Among the teachers I spoke with for this article, a common concern about online teaching was creating opportunities to sing for one another. Cymber Quinn, who teaches voice and harp online, has a great solution: Online recitals! Ms. Quinn says: “The hardest part is keeping my students motivated when there aren’t performances, and they still want to sing and play. I’m doing another Zoom recital in November to give them something to work toward…because I have students from Florida to Hawaii, that was the first time they had ever seen or heard each other…and it’s still a little mind-blowing for some of them to hear someone six times zones away.” https://cymber.com/
In her studio in Denver, Colorado, Cymber Quinn leads a student in a vocal exercise.
Many teachers observed that there are special considerations for people who are taking their first-ever singing lessons. Singing exercises are typically simple patterns that you will learn quickly, and if you’re a beginner, these may be new. During a face-to-face lesson, your teacher can help by playing the notes along with you while you sing. When online, this is difficult or impossible, depending on the amount of latency.
You’ve probably noticed a delay in regular Zoom or Facetime calls…a lag between when you speak and the other person hears your voice. The tech term for this is “latency.”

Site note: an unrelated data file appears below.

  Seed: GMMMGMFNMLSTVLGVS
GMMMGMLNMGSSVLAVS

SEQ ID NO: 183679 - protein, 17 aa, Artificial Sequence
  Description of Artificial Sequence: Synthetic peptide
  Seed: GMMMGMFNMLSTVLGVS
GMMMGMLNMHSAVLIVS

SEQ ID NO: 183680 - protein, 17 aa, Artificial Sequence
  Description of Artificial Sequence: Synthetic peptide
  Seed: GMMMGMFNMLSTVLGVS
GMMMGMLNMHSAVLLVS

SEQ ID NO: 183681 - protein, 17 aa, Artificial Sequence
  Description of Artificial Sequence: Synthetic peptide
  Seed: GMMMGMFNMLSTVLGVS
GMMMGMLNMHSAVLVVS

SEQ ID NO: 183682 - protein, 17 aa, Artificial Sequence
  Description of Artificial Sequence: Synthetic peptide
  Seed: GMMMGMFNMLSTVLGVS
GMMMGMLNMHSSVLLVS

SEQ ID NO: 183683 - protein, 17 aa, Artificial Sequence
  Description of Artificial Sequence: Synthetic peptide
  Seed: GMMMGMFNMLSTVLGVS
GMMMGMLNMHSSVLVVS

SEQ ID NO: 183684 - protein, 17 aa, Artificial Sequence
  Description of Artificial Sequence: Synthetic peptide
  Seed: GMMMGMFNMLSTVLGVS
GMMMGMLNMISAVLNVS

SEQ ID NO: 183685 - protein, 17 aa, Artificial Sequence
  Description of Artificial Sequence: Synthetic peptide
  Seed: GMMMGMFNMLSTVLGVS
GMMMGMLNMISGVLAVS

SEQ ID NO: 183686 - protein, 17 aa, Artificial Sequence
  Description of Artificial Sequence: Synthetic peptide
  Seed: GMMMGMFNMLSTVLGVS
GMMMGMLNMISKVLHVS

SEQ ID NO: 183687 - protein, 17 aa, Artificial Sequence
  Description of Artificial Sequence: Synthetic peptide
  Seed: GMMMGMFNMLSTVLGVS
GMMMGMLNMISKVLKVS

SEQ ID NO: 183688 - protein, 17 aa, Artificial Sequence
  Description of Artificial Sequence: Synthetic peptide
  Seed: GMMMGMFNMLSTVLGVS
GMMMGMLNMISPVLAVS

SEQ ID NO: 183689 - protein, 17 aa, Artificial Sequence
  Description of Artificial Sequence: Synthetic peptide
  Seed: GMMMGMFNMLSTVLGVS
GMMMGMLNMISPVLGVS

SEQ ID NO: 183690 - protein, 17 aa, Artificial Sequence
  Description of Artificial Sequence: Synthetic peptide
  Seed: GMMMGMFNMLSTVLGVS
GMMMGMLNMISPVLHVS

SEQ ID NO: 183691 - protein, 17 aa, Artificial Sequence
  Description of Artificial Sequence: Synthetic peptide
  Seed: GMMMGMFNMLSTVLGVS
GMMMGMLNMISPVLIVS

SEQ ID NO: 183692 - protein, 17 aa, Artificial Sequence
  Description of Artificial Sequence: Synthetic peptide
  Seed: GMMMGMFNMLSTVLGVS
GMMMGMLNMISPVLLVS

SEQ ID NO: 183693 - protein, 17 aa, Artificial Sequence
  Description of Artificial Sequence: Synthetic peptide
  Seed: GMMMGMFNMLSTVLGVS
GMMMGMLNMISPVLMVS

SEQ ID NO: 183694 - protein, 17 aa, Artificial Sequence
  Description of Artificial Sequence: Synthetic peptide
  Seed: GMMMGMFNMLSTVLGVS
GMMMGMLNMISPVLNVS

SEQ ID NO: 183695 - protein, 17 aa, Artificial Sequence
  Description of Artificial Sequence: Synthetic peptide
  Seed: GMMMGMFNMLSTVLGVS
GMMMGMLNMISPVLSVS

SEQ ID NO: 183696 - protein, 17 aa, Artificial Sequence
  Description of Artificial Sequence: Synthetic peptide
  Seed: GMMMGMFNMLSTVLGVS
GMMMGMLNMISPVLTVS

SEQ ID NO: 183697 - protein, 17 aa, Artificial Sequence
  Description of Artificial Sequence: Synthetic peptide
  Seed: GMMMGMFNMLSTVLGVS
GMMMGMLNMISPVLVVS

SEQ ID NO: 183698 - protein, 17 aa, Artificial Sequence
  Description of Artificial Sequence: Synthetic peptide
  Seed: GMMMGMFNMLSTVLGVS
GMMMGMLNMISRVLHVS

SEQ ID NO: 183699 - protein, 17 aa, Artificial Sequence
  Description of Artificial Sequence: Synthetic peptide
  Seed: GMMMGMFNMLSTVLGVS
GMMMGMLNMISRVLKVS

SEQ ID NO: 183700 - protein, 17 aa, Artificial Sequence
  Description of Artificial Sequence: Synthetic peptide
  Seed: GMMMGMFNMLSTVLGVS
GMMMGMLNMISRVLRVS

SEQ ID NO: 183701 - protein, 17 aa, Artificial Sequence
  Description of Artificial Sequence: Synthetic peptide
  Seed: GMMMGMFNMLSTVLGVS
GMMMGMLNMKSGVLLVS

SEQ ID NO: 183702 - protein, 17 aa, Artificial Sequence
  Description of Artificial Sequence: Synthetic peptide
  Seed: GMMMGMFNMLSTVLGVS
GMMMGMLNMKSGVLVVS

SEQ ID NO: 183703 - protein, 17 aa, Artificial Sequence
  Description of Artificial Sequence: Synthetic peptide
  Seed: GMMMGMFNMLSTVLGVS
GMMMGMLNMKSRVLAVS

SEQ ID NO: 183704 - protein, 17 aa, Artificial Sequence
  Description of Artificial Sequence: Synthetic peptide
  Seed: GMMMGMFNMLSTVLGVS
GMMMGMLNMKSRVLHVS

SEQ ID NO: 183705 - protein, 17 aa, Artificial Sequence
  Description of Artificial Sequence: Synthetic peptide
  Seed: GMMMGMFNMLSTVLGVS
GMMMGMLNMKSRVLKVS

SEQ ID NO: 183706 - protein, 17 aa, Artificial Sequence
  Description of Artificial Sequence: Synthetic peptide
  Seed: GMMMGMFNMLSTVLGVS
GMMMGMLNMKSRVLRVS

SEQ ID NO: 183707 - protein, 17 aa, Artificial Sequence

Any lag of more than about 40 milliseconds means your teacher won’t be able to play the piano while you sing. There are some low-latency programs out there, but they often require expensive gear that most people don’t have.
This is a positive for some teachers, however. Amanda Chmela, of Long Island Voice Lessons, says, “I find that having to slow down slightly due to the delay gives students’ minds and bodies more time to absorb and process the work that is being done.” She loves that this helps students to work on their intonation and sing pitches more “mindfully.” Jeff Costello agrees: “I actually enjoy the fact that students have to sing all the exercises unaccompanied. It’s a great ear-training tool as they do not get the piano for help, other than to hear the notes before singing.”